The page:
Saturday, September 21, 2013

Roberta Flack & Donny Hathaway--Where Is The Love (1972)

     We see examples in music of duos who do much better together than separately. Although Roberta Flack maintained a strong career on the charts through the 70's and part of the 80's, Donny Hathaway's success always seemed to be linked to his female duet partner.
     Hathaway received an scholarship to Howard University and went there three years before quitting to pursue his professional avenues. He first worked behind the scenes as a songwriter, producer and session pianist for a number of stars such as Aretha Franklin, The Staple Singers, and Jerry Butler. He also sang in "The Mayfield Singers" who would back The Impressions. Soon, he became the house producer for Mayfield's Custom record label.
     Atco Records was interested in Hathaway as a solo performer and signed him to their label in 1969, but the first few efforts didn't go far. However, his first album in 1970, "Everything is Everything" has become somewhat of a soul classic.
     I've read in some materials on the internet that it was during their time at Howard University that Flack and Hathaway were friends and this led to them working on music together. It sounds good, but that's not true since Flack was offered a scholarship at the age of 15 (one of the youngest to ever enter the university) in 1952 and graduated at the age of 19 when Hathaway was 11.
     The real story is that Flack included one of Donny's compositions on her "First Take" album in 1969 ("Our Ages or Our Hearts"). The next album not only included "Gone Away" written by Hathaway and Curtis Mayfield, but he was the arranger on the disc as well. It was Jerry Wexler who suggested an album of duets.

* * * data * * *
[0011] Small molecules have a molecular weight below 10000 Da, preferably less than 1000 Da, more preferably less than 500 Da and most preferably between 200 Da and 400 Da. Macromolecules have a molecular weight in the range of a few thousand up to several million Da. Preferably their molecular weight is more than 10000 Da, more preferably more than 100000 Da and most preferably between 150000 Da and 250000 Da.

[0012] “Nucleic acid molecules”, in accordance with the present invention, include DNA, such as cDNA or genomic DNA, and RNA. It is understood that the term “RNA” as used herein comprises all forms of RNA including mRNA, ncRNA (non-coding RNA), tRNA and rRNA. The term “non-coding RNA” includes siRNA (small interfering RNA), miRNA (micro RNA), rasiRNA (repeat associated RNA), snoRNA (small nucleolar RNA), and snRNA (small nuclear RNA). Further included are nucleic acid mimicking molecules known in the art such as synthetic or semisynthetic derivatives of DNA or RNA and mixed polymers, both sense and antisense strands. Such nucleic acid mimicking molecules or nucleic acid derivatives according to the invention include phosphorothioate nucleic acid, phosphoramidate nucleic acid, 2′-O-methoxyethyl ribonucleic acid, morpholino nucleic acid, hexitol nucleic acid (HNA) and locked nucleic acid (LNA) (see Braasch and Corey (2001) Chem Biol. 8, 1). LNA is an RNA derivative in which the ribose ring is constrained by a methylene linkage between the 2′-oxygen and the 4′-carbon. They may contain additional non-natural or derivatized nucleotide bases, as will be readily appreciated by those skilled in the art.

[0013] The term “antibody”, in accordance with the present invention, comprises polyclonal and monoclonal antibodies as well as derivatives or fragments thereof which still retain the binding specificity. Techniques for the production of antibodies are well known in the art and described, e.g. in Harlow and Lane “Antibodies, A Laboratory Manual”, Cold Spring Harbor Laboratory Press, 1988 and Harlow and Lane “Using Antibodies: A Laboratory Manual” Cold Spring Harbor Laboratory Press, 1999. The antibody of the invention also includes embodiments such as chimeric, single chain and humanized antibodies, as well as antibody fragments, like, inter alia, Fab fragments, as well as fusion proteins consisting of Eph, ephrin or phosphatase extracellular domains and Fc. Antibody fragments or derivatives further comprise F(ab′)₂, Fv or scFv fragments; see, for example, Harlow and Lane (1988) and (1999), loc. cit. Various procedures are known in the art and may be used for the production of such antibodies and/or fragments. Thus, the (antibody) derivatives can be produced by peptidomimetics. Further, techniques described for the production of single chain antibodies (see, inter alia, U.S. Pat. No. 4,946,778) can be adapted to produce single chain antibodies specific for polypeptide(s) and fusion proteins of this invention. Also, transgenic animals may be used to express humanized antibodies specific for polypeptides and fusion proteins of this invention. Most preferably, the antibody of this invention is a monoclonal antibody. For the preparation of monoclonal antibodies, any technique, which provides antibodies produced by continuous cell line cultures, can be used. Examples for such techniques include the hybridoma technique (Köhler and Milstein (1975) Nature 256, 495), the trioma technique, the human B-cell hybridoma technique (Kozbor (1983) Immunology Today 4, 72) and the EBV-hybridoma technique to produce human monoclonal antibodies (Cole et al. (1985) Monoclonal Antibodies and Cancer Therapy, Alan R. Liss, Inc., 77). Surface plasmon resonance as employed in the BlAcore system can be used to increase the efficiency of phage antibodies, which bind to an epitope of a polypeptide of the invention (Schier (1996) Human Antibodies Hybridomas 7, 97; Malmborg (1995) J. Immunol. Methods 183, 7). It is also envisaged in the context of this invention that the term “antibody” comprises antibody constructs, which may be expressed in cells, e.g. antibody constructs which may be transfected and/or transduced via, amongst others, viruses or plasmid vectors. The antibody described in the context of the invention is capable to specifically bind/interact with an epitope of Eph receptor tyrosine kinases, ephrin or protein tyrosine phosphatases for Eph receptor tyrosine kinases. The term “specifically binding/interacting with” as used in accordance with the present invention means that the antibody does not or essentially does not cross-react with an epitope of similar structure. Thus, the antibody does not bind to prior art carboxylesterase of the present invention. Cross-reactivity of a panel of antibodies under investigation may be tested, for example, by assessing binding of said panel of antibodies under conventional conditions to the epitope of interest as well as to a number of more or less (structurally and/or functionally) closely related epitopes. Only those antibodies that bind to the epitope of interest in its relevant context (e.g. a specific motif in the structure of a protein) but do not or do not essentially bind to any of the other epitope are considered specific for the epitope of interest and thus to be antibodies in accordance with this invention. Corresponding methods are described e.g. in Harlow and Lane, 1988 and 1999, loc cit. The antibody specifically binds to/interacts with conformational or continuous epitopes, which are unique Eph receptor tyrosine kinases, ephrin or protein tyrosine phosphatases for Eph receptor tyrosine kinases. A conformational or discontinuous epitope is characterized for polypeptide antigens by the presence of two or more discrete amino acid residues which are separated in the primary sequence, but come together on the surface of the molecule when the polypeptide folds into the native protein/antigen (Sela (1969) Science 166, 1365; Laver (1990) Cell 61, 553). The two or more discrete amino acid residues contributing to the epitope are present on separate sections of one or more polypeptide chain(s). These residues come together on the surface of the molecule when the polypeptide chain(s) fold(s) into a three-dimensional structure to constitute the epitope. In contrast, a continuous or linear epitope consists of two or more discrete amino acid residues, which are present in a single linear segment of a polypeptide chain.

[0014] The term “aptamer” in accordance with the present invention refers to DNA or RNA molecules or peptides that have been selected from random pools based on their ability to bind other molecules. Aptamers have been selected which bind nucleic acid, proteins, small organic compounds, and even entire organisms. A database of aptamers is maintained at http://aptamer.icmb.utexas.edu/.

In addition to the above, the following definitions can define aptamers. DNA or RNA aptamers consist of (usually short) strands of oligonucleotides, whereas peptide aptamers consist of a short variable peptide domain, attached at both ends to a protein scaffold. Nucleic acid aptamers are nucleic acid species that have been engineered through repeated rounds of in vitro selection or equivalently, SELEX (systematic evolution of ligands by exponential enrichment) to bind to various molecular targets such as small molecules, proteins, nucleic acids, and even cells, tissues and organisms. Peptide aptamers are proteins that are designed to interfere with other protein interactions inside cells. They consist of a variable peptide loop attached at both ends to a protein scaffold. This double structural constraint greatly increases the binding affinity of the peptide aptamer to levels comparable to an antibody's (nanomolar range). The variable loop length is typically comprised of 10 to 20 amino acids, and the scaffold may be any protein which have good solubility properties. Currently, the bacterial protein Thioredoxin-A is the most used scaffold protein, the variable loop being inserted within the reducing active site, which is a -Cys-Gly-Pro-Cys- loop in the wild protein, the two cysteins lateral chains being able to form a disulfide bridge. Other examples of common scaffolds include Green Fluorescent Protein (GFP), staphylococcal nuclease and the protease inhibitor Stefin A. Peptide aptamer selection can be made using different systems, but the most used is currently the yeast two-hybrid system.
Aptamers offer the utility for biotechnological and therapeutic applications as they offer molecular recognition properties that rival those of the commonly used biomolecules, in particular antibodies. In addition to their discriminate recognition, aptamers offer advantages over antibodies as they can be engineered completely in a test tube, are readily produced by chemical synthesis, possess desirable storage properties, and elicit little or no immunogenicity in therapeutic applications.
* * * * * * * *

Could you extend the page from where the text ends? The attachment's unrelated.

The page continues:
The result was the album, "Roberta Flack & Donny Hathaway" in 1971 which gave them a minor hit with the James Taylor song, "You've Got A Friend". In fact, both the duo's and Taylor's version came out on the same day, and while JT's version went to number one, it certainly gave both much needed exposure.
     This was especially true of Flack who just a short time later hit number one with, "The First Time Every I Saw Your Face",  a song from the Clint Eastwood movie, "Play Misty For Me". In the summer of 1972, Atlantic chose to take the song, "Where Is The Love" off of the duet album which became a top five hit, and won the pair a Grammy as well. The next solo outing for Roberta was, "Killing Me Softly With His Song" which became another number one hit and propelled her into superstardom.
     Hathaway however continued having problem making it big as a solo artist. His problems with mental illness also became a problem, not only in his personal life, but in his relationship with Flack. He had been diagnosed as a paranoid schizophrenic and as long has he was taking his medication he was fine. His wife later admitted that he was not always diligent in this respect and it eventually effected all of his relationships.
     Although Donny had a few top 20 hits on the R&B charts, he was never able to translate this into overall success. He did some television work, including recording the theme song to "Maude" and produced some as well, but much of the mid-70's was spent working in small clubs and having several bouts in the hospital for his emotional issues. Later in the decade he reconciled with Flack and the two went back into the studio to record what would be another huge hit, "The Closer I Get To You" in 1978. The pair were making plans to release another duet album when Hathaway was found dead in January of 1979 after falling from his 15th story apartment. There were no signs of struggle and the sliding door was neatly moved, which led investigators to rule it a suicide. He was 33. 



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